Indian gas distributor GAIL (India) is considering acquiring up to a 26% stake in a liquefied natural gas (LNG) liquefaction plant or project in the US, reported Reuters, citing a document issued by the company.

The move comes in the wake of supply disruptions faced by GAIL in 2022 following the failure of delivery of LNG cargoes by Russia-owned Gazprom Marketing and Trading (GMTS) due to Western sanctions on Moscow over its invasion of Ukraine.

Either directly or through its affiliates, GAIL is ‘exploring the opportunity’ to acquire a stake in an existing or proposed LNG liquefaction plant or project in the US, according to the document.

“In addition, GAIL, directly or through any of its affiliates, is interested to source one million tonnes per annum of LNG from the LNG liquefaction plant or project on a free-on-board basis for a period of 15 years on mutually acceptable terms and conditions,” the document read.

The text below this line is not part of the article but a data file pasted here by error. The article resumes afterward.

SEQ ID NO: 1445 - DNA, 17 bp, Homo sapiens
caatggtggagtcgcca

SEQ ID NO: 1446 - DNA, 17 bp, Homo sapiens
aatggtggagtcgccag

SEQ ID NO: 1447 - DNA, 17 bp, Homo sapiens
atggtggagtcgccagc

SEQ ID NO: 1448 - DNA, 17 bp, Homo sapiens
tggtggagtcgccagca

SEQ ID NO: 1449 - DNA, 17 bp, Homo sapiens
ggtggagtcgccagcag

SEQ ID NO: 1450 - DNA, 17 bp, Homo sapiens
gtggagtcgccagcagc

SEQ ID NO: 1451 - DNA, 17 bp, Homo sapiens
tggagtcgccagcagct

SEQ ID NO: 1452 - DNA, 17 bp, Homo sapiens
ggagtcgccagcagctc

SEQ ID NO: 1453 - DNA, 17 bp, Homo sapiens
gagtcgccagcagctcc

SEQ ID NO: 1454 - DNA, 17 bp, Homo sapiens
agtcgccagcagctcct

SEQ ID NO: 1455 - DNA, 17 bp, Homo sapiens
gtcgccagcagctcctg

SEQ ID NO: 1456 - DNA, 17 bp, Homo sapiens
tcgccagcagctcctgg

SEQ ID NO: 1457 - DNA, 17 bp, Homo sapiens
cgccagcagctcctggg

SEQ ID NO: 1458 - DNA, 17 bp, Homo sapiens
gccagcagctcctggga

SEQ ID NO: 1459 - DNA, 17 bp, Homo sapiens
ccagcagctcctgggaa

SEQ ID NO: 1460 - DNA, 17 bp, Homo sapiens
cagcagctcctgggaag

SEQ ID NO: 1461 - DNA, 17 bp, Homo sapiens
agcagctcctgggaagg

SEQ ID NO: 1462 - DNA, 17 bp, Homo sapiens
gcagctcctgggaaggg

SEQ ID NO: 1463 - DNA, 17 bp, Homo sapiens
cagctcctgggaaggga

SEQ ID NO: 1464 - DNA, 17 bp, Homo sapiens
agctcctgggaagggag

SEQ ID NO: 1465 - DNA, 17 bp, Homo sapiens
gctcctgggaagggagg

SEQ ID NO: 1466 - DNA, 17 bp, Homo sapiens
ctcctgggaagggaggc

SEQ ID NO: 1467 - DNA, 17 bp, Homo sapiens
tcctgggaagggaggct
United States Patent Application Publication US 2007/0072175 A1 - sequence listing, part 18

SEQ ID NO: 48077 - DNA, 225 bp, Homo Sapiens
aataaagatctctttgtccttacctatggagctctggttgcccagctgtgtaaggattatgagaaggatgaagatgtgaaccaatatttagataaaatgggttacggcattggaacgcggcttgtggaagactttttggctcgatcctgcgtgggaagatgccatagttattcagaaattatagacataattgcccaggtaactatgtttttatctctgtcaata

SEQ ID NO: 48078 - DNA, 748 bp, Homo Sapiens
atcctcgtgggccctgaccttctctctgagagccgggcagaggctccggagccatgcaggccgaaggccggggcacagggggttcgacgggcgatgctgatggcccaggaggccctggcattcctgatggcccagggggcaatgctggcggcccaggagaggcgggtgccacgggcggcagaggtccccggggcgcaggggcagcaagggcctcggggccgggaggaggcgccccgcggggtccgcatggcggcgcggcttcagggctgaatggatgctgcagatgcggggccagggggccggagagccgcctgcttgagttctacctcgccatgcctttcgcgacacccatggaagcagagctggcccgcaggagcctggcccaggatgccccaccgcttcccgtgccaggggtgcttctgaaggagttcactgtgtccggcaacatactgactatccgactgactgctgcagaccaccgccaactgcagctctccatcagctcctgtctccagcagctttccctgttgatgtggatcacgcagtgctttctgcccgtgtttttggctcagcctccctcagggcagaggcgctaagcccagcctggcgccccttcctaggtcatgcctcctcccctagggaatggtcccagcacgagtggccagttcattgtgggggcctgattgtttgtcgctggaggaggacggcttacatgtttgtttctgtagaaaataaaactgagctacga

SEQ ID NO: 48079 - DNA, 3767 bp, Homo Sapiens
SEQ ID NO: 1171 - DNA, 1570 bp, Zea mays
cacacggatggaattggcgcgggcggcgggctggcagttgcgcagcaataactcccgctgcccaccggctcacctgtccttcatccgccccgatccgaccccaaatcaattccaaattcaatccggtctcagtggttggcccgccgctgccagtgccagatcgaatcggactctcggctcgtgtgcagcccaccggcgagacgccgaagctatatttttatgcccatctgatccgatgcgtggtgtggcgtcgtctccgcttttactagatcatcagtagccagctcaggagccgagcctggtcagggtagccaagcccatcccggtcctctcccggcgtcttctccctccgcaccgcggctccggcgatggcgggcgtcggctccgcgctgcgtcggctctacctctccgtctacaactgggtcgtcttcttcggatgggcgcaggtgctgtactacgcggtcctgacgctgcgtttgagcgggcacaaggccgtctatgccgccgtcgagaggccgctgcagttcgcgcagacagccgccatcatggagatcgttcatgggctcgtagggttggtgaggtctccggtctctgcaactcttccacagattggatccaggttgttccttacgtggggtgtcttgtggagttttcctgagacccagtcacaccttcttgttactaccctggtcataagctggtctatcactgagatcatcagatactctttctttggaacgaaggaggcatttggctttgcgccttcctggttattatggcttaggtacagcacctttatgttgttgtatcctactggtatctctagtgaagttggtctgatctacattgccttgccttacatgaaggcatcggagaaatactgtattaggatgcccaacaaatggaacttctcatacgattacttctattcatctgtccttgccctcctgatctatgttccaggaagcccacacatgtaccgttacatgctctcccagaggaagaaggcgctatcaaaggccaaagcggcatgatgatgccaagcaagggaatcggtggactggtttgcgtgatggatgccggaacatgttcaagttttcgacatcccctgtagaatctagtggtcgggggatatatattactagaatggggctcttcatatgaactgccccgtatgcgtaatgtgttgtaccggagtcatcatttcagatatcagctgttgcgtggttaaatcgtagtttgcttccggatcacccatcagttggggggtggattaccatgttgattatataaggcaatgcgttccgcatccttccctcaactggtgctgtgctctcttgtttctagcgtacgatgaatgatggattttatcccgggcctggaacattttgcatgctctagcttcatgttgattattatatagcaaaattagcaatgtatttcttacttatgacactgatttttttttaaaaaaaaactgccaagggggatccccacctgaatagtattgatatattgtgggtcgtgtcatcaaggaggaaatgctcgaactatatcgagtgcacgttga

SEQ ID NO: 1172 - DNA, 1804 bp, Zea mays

According to the document, the LNG supply contract period can be extended further by five or ten years while the supplies are expected to commence from the last quarter of 2026.

The Indian firm has set 10 March 2023 as the last day for submission of potential bids for the LNG supply.

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By GlobalData

To make up for its disrupted gas supplies, GAIL is considering signing long-term gas import deals.

GAIL’s finance head was cited by the news agency as saying in January 2023 that the firm was in talks to source gas from Abu Dhabi National Oil (ADNOC) and other firms to meet local demands.

In a separate announcement in India, India’s state-run Oil and Natural Gas Corporation (ONGC) is planning to commence drilling work in the Cauvery ultra deep waters situated along India’s east coast in the next financial year, beginning in April 2023, reported The Hindu Business Line.

ONGC exploration director Sushma Rawat to the news agency: “We also have a lot of foreign MNCs who are interested and they are studying data. They are looking into various financial and administrative regulatory policies and seeing whether it is conducive.”

Covering an area of more than 1.5 lakh km², the Cauvery basin comprises 25,000km² on-land, a 30,000km² shallow offshore area, and 95,000km² of deep water offshore areas.